Archivy etc.

opinions, occasional rants, and sometimes things that have nothing to do with archives at all. Nothing here should be assumed to be reflective of my employer's opinion(s) nor should it be assumed that at anytime afterward, this is what I still think.

Thursday, January 26, 2012

The learning curve

I've recently come to the conclusion that, like everybody used to preach at us when we were children, you can learn as much, or more, from your mistakes as you can from your successes. I know, that's rather self-evident and shouldn't really be news to any of us, but I think the difference I'm seeing now is in the professional sphere.  We don't always feel like we can admit to our failures, so we don't get to really hash through the process of determining what went wrong and how it might be fixed or avoided in future. Evidence for this conclusion? The plethora of "best practices guides" out there that presumably must be based on a few people finding the wrong way to do it, but there's no mention of that. How come nobody's done a worst practices guide? And if there's good ways and right ways to do something, presumably there's bad ways and wrong ways to do it, and why not share that? Why not share the whys and wherefores of the path that shouldn't be taken? Explain why that's a bad idea, keep others from going there.

Well, I know part of the answer to this question: and that's anonymity. It's awfully hard to say "don't do this because we did it and it was awful" when you could possibly be embarrassing people with whom you work. Or messing up future job prospects.Or who knows? Not smart to burn those bridges when you might need them again some day.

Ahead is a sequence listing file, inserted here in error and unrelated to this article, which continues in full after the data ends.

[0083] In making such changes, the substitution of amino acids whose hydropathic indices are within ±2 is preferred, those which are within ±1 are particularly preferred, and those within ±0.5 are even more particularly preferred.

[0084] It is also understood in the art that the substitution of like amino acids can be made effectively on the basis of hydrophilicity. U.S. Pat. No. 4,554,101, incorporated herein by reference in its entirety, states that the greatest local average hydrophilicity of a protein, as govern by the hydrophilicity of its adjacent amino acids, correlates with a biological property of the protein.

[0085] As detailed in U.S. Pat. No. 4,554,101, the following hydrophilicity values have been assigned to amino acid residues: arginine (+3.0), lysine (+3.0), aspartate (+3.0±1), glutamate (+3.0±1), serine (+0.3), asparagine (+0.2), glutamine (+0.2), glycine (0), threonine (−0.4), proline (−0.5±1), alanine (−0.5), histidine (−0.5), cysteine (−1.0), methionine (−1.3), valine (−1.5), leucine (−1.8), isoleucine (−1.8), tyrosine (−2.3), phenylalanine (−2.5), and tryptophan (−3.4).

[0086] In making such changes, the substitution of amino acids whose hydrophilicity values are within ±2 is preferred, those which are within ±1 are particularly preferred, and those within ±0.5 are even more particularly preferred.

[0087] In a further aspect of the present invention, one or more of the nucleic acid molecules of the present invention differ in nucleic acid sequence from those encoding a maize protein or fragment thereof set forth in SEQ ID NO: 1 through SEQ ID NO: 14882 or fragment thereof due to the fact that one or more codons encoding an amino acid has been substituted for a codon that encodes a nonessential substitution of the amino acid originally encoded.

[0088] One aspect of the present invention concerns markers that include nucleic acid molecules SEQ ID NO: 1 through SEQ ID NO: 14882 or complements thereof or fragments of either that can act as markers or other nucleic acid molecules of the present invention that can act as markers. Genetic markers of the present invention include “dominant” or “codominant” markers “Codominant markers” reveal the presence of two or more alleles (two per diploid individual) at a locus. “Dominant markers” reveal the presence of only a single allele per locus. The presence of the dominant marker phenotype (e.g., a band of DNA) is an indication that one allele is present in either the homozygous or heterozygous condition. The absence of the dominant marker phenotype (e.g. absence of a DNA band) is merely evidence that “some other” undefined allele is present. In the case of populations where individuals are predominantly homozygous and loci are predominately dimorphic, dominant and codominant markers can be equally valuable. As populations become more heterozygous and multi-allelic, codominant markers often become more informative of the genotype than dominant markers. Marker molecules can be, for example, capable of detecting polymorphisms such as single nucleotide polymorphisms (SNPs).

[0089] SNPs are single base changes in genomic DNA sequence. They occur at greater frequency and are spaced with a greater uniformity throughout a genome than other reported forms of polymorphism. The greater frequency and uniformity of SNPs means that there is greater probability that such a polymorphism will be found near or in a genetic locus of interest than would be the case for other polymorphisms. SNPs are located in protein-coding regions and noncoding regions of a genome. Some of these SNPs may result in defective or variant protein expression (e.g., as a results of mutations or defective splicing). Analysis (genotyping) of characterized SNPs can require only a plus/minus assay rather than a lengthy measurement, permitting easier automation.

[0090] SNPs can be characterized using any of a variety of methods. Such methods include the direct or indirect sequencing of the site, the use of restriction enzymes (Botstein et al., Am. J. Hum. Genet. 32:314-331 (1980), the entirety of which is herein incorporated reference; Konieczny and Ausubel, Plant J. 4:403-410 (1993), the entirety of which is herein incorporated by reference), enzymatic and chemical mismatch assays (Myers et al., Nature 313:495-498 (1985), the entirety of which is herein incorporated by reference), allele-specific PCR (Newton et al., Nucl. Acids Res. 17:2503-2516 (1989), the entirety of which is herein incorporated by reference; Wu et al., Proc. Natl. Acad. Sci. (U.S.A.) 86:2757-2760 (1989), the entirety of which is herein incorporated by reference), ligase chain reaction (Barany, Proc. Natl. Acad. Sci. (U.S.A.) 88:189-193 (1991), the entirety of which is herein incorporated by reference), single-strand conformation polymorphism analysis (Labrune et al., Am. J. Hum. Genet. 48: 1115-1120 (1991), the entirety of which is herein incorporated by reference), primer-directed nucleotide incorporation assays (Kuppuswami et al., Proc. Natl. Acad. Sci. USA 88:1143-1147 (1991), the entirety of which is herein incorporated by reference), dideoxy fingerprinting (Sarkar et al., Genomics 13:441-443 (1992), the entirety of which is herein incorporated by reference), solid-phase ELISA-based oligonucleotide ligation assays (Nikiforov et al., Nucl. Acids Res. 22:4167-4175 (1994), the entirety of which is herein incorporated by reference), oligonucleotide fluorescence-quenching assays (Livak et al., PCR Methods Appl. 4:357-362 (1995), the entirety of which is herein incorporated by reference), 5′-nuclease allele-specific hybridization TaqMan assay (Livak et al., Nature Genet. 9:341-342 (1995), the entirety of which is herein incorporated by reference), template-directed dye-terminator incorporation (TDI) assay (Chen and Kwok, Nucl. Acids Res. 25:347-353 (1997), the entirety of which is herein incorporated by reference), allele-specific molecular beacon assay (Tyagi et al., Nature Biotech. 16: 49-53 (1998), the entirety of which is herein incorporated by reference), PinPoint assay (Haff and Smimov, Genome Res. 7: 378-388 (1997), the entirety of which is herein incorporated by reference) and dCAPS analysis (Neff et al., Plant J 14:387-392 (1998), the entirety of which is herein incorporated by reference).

But the loss of wisdom-sharing potential, oh, the loss. This is one of the reasons why I love going to archival conferences. The sessions & workshops can good, but seriously, it's the hallway chatter. That networking potential which occasionally, late at night in the quiet of the hotel lobby, where a few friends get chatty and start talking about those things we don't always want to talk about in the light of day or where people might overhear without us knowing it.

In that spirit, I posit the creation of a worst practices guide for all you archivists out there. Send me your stories, fully redacted of identifying information (you don't want to get me sued, do you?) and I'll post them with your name off of them. But let's make this useful, since it's a guide. The bad stories? Can't just be bad stories. Share the lessons learned, the things to avoid, the steps that shouldn't have been taken and why. Email them to me. arlene_b_schmuland at I'll post them as I get them.

And to get you started (obviously I'm breaking the anonymity rule here but to my knowledge Dief & Lia aren't able to use my laptop to surf the web and I don't think I'm damaging their chances of future employment by posting this): here's a graphic image demonstrating why you should never allow cats to help you with your filing. I think the lesson is self-evident, but just in case it's not clear to you: they don't really understand the concepts of filing and they slow down the process substantially when they won't get out of the box.